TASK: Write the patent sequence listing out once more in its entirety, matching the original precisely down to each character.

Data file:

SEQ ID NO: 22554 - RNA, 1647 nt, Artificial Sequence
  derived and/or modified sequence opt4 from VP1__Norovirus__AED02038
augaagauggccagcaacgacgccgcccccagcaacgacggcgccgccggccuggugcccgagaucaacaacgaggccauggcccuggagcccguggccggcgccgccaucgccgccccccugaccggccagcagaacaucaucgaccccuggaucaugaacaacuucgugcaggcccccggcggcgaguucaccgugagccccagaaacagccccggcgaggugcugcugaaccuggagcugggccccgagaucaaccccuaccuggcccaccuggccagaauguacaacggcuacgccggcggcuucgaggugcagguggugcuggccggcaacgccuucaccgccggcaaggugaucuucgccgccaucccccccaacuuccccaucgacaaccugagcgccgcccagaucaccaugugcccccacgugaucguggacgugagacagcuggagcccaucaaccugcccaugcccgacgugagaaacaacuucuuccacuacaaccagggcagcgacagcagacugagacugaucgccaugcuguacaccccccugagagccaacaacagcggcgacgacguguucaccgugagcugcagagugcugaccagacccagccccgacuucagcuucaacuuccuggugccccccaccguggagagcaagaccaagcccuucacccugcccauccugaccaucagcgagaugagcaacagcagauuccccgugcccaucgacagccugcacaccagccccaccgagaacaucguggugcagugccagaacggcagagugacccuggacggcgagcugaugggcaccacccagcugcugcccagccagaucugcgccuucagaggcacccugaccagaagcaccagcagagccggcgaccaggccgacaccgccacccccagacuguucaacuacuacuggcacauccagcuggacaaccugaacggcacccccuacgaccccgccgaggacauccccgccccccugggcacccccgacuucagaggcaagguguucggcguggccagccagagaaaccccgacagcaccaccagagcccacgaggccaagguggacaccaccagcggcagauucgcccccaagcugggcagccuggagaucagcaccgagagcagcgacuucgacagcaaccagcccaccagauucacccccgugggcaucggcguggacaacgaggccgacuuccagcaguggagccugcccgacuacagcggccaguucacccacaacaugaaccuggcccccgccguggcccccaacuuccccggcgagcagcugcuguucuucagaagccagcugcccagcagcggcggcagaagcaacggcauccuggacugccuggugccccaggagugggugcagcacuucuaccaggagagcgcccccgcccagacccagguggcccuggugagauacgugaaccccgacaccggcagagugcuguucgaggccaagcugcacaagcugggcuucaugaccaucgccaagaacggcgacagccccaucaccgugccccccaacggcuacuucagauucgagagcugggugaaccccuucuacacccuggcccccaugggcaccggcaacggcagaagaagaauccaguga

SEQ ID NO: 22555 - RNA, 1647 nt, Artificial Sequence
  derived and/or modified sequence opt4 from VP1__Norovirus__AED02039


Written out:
SEQ ID NO: 22554 - RNA, 1647 nt, Artificial Sequence
  derived and/or modified sequence opt4 from VP1__Norovirus__AED02038
augaagauggccagcaacgacgccgcccccagcaacgacggcgccgccggccuggugcccgagaucaacaacgaggccauggcccuggagcccguggccggcgccgccaucgccgccccccugaccggccagcagaacaucaucgaccccuggaucaugaacaacuucgugcaggcccccggcggcgaguucaccgugagccccagaaacagccccggcgaggugcugcugaaccuggagcugggccccgagaucaaccccuaccuggcccaccuggccagaauguacaacggcuacgccggcggcuucgaggugcagguggugcuggccggcaacgccuucaccgccggcaaggugaucuucgccgccaucccccccaacuuccccaucgacaaccugagcgccgcccagaucaccaugugcccccacgugaucguggacgugagacagcuggagcccaucaaccugcccaugcccgacgugagaaacaacuucuuccacuacaaccagggcagcgacagcagacugagacugaucgccaugcuguacaccccccugagagccaacaacagcggcgacgacguguucaccgugagcugcagagugcugaccagacccagccccgacuucagcuucaacuuccuggugccccccaccguggagagcaagaccaagcccuucacccugcccauccugaccaucagcgagaugagcaacagcagauuccccgugcccaucgacagccugcacaccagccccaccgagaacaucguggugcagugccagaacggcagagugacccuggacggcgagcugaugggcaccacccagcugcugcccagccagaucugcgccuucagaggcacccugaccagaagcaccagcagagccggcgaccaggccgacaccgccacccccagacuguucaacuacuacuggcacauccagcuggacaaccugaacggcacccccuacgaccccgccgaggacauccccgccccccugggcacccccgacuucagaggcaagguguucggcguggccagccagagaaaccccgacagcaccaccagagcccacgaggccaagguggacaccaccagcggcagauucgcccccaagcugggcagccuggagaucagcaccgagagcagcgacuucgacagcaaccagcccaccagauucacccccgugggcaucggcguggacaacgaggccgacuuccagcaguggagccugcccgacuacagcggccaguucacccacaacaugaaccuggcccccgccguggcccccaacuuccccggcgagcagcugcuguucuucagaagccagcugcccagcagcggcggcagaagcaacggcauccuggacugccuggugccccaggagugggugcagcacuucuaccaggagagcgcccccgcccagacccagguggcccuggugagauacgugaaccccgacaccggcagagugcuguucgaggccaagcugcacaagcugggcuucaugaccaucgccaagaacggcgacagccccaucaccgugccccccaacggcuacuucagauucgagagcugggugaaccccuucuacacccuggcccccaugggcaccggcaacggcagaagaagaauccaguga

SEQ ID NO: 22555 - RNA, 1647 nt, Artificial Sequence
  derived and/or modified sequence opt4 from VP1__Norovirus__AED02039